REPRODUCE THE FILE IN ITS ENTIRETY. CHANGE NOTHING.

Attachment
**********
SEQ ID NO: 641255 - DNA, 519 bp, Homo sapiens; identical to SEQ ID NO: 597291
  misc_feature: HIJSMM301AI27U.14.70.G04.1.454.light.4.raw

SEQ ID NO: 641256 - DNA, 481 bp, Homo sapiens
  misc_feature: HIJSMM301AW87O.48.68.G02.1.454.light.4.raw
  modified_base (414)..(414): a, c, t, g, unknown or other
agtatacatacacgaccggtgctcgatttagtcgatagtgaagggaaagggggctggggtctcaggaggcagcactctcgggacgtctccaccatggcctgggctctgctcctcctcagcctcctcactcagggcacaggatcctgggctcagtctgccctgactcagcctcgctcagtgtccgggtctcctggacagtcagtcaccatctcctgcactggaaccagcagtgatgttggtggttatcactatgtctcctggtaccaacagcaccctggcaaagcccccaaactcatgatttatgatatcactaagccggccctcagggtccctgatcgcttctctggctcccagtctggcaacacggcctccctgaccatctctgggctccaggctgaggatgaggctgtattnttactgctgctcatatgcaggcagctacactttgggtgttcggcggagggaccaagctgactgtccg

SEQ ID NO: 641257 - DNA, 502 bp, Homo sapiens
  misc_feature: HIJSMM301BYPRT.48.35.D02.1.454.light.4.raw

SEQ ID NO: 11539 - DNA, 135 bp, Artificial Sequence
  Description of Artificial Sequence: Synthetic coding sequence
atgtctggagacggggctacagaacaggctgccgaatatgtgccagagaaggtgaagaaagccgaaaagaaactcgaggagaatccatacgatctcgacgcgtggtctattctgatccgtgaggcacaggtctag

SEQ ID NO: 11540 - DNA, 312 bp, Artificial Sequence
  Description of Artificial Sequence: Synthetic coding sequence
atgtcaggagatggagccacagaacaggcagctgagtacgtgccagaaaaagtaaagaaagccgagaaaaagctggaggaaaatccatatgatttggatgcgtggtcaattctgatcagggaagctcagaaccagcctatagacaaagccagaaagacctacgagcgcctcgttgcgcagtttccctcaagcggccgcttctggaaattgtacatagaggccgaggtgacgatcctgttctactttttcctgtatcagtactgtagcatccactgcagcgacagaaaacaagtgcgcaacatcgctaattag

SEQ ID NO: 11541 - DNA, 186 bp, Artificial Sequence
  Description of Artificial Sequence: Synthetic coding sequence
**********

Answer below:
SEQ ID NO: 641255 - DNA, 519 bp, Homo sapiens; identical to SEQ ID NO: 597291
  misc_feature: HIJSMM301AI27U.14.70.G04.1.454.light.4.raw

SEQ ID NO: 641256 - DNA, 481 bp, Homo sapiens
  misc_feature: HIJSMM301AW87O.48.68.G02.1.454.light.4.raw
  modified_base (414)..(414): a, c, t, g, unknown or other
agtatacatacacgaccggtgctcgatttagtcgatagtgaagggaaagggggctggggtctcaggaggcagcactctcgggacgtctccaccatggcctgggctctgctcctcctcagcctcctcactcagggcacaggatcctgggctcagtctgccctgactcagcctcgctcagtgtccgggtctcctggacagtcagtcaccatctcctgcactggaaccagcagtgatgttggtggttatcactatgtctcctggtaccaacagcaccctggcaaagcccccaaactcatgatttatgatatcactaagccggccctcagggtccctgatcgcttctctggctcccagtctggcaacacggcctccctgaccatctctgggctccaggctgaggatgaggctgtattnttactgctgctcatatgcaggcagctacactttgggtgttcggcggagggaccaagctgactgtccg

SEQ ID NO: 641257 - DNA, 502 bp, Homo sapiens
  misc_feature: HIJSMM301BYPRT.48.35.D02.1.454.light.4.raw

SEQ ID NO: 11539 - DNA, 135 bp, Artificial Sequence
  Description of Artificial Sequence: Synthetic coding sequence
atgtctggagacggggctacagaacaggctgccgaatatgtgccagagaaggtgaagaaagccgaaaagaaactcgaggagaatccatacgatctcgacgcgtggtctattctgatccgtgaggcacaggtctag

SEQ ID NO: 11540 - DNA, 312 bp, Artificial Sequence
  Description of Artificial Sequence: Synthetic coding sequence
atgtcaggagatggagccacagaacaggcagctgagtacgtgccagaaaaagtaaagaaagccgagaaaaagctggaggaaaatccatatgatttggatgcgtggtcaattctgatcagggaagctcagaaccagcctatagacaaagccagaaagacctacgagcgcctcgttgcgcagtttccctcaagcggccgcttctggaaattgtacatagaggccgaggtgacgatcctgttctactttttcctgtatcagtactgtagcatccactgcagcgacagaaaacaagtgcgcaacatcgctaattag

SEQ ID NO: 11541 - DNA, 186 bp, Artificial Sequence
  Description of Artificial Sequence: Synthetic coding sequence